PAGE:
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dc.contributor.authorHaelterman, E
dc.contributor.authorBoelaert, M
dc.contributor.authorSuetens, C
dc.contributor.authorBlok, L
dc.contributor.authorHenkens, M
dc.contributor.authorToole, M J
dc.date.accessioned2008-02-21T13:01:33Z
dc.date.available2008-02-21T13:01:33Z
dc.date.issued1996-06
dc.identifier.citationImpact of a mass vaccination campaign against a meningitis epidemic in a refugee camp. 1996, 1 (3):385-92 Trop. Med. Int. Healthen
dc.identifier.issn1360-2276
dc.identifier.pmid8673844
dc.identifier.urihttp://hdl.handle.net/10144/18817
dc.description.abstractSerogroup A meningococcus epidemics occurred in refugee populations in Zaire in August 1994. The paper analyses the public health impact of a mass vaccination campaign implemented in a large refugee camp. We compared meningitis incidence rates from 2 similar camps. In Kibumba camp, vaccination was implemented early in the course of the epidemic whilst in the control camp (Katale), vaccination was delayed. At a threshold of 15 cases per 100 000 population per week an immunization campaign was implemented. Attack rates were 94 and 134 per 100,000 in Kibumba and Katale respectively over 2 months. In Kibumba, one week after crossing the threshold, 121,588 doses of vaccine were administered covering 76% of all refugees. Vaccination may have prevented 68 cases (30% of the expected cases). Despite its rapid institution and the high coverage achieved, the vaccination campaign had a limited impact on morbidity due to meningitis. In the early phase in refugee camps, the relative priorities of meningitis vaccination and case management need to be better defined.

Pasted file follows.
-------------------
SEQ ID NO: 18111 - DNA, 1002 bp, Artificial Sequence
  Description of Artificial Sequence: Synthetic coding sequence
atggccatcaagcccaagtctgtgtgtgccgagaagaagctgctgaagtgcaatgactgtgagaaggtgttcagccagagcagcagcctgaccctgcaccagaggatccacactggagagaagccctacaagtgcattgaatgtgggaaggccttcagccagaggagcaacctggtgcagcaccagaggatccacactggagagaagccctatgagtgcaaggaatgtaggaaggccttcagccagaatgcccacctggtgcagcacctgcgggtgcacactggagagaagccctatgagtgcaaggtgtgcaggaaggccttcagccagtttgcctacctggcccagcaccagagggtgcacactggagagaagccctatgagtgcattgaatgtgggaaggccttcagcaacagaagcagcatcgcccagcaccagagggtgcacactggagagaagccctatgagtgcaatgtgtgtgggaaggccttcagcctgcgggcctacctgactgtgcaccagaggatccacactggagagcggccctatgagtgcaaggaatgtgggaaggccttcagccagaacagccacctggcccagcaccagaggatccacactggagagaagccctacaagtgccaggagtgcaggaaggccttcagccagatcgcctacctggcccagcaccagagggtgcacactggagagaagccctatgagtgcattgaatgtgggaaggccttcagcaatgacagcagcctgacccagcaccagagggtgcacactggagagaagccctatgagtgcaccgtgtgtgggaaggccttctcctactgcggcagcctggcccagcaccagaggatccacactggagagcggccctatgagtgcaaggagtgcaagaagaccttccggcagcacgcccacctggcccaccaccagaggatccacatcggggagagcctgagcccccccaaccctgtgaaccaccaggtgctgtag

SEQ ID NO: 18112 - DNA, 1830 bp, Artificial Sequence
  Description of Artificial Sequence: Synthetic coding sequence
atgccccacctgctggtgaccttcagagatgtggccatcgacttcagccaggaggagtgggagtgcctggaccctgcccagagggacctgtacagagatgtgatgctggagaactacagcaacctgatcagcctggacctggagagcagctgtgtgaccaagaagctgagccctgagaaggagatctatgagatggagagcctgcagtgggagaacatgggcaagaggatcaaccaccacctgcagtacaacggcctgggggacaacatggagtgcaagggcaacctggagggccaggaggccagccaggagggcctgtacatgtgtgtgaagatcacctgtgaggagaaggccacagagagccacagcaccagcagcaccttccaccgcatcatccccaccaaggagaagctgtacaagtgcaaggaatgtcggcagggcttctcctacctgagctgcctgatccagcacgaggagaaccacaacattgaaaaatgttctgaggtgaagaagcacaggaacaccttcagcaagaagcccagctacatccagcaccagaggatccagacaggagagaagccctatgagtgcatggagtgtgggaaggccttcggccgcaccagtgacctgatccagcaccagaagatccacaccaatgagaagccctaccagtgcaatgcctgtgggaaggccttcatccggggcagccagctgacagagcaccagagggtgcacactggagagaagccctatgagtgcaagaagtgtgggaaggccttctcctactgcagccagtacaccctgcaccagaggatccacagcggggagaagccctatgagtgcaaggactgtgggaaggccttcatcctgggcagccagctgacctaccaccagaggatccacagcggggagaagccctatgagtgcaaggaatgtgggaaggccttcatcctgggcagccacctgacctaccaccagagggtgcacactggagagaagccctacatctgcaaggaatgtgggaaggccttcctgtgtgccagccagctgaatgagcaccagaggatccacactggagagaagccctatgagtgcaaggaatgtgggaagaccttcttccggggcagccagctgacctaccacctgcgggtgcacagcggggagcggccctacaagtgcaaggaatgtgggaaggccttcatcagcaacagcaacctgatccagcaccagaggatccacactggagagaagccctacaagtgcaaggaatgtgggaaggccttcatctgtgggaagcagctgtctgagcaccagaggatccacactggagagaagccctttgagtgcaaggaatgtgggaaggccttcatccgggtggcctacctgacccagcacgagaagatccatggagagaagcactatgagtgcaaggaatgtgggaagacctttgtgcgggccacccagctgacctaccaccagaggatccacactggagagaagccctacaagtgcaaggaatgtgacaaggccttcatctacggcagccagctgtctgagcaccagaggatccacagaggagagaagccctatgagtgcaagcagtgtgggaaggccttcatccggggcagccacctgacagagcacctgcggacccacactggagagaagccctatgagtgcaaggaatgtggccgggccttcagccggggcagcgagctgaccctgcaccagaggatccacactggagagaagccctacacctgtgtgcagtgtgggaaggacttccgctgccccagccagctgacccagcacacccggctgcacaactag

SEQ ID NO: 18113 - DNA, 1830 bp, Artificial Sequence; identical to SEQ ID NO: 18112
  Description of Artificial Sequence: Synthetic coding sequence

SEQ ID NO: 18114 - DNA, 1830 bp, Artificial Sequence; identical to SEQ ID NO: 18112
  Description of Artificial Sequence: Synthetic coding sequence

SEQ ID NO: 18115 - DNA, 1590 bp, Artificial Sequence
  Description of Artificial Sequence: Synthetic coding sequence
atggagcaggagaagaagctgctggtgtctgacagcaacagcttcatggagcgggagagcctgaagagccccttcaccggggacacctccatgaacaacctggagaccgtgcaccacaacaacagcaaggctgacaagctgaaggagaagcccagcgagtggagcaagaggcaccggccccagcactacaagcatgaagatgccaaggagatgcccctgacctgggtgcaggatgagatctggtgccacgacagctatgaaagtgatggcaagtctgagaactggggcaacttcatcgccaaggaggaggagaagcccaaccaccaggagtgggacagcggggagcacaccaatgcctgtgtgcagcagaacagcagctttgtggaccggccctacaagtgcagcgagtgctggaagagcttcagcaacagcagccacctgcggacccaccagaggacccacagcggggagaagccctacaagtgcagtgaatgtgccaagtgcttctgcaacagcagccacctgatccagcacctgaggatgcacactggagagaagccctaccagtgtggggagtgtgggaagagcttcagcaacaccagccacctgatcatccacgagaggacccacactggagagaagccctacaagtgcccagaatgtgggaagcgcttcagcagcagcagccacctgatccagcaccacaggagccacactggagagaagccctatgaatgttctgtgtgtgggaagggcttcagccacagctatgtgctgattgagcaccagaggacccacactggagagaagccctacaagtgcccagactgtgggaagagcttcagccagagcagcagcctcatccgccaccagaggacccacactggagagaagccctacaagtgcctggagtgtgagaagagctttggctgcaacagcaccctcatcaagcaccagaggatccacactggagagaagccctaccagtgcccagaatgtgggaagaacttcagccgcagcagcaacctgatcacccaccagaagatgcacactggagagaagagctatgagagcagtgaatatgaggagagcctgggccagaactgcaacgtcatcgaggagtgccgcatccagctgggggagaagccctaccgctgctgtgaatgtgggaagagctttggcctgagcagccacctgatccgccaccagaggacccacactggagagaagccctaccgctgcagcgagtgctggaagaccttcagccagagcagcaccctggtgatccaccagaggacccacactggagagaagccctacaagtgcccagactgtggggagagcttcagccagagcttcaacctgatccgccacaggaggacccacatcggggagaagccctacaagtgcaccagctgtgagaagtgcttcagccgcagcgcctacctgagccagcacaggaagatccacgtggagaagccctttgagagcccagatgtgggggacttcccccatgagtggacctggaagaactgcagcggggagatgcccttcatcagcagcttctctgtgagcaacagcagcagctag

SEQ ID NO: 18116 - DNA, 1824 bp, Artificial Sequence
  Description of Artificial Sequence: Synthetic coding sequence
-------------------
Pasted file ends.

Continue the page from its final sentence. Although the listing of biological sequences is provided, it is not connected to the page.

dc.language.isoenen
dc.publisherWiley-Blackwell
dc.relation.urlhttp://www.blackwell-synergy.com/loi/tmi
dc.rightsArchived on this site with the kind permission of Wiley-Blackwellen
dc.subject.meshDemocratic Republic of the Congoen
dc.subject.meshDisease Outbreaksen
dc.subject.meshHealth Promotionen
dc.subject.meshHumansen
dc.subject.meshIncidenceen
dc.subject.meshMeningitis, Meningococcalen
dc.subject.meshRefugeesen
dc.subject.meshRwandaen
dc.subject.meshVaccinationen
dc.titleImpact of a mass vaccination campaign against a meningitis epidemic in a refugee camp.en
dc.contributor.departmentMédecins Sans Frontières Belgium, Brussels, Belgium.en
dc.identifier.journalTropical Medicine & International Healthen
refterms.dateFOA2019-03-04T09:27:20Z
html.description.abstractSerogroup A meningococcus epidemics occurred in refugee populations in Zaire in August 1994. The paper analyses the public health impact of a mass vaccination campaign implemented in a large refugee camp. We compared meningitis incidence rates from 2 similar camps. In Kibumba camp, vaccination was implemented early in the course of the epidemic whilst in the control camp (Katale), vaccination was delayed. At a threshold of 15 cases per 100 000 population per week an immunization campaign was implemented. Attack rates were 94 and 134 per 100,000 in Kibumba and Katale respectively over 2 months. In Kibumba, one week after crossing the threshold, 121,588 doses of vaccine were administered covering 76% of all refugees. Vaccination may have prevented 68 cases (30% of the expected cases). Despite its rapid institution and the high coverage achieved, the vaccination campaign had a limited impact on morbidity due to meningitis. In the early phase in refugee camps, the relative priorities of meningitis vaccination and case management need to be better defined.


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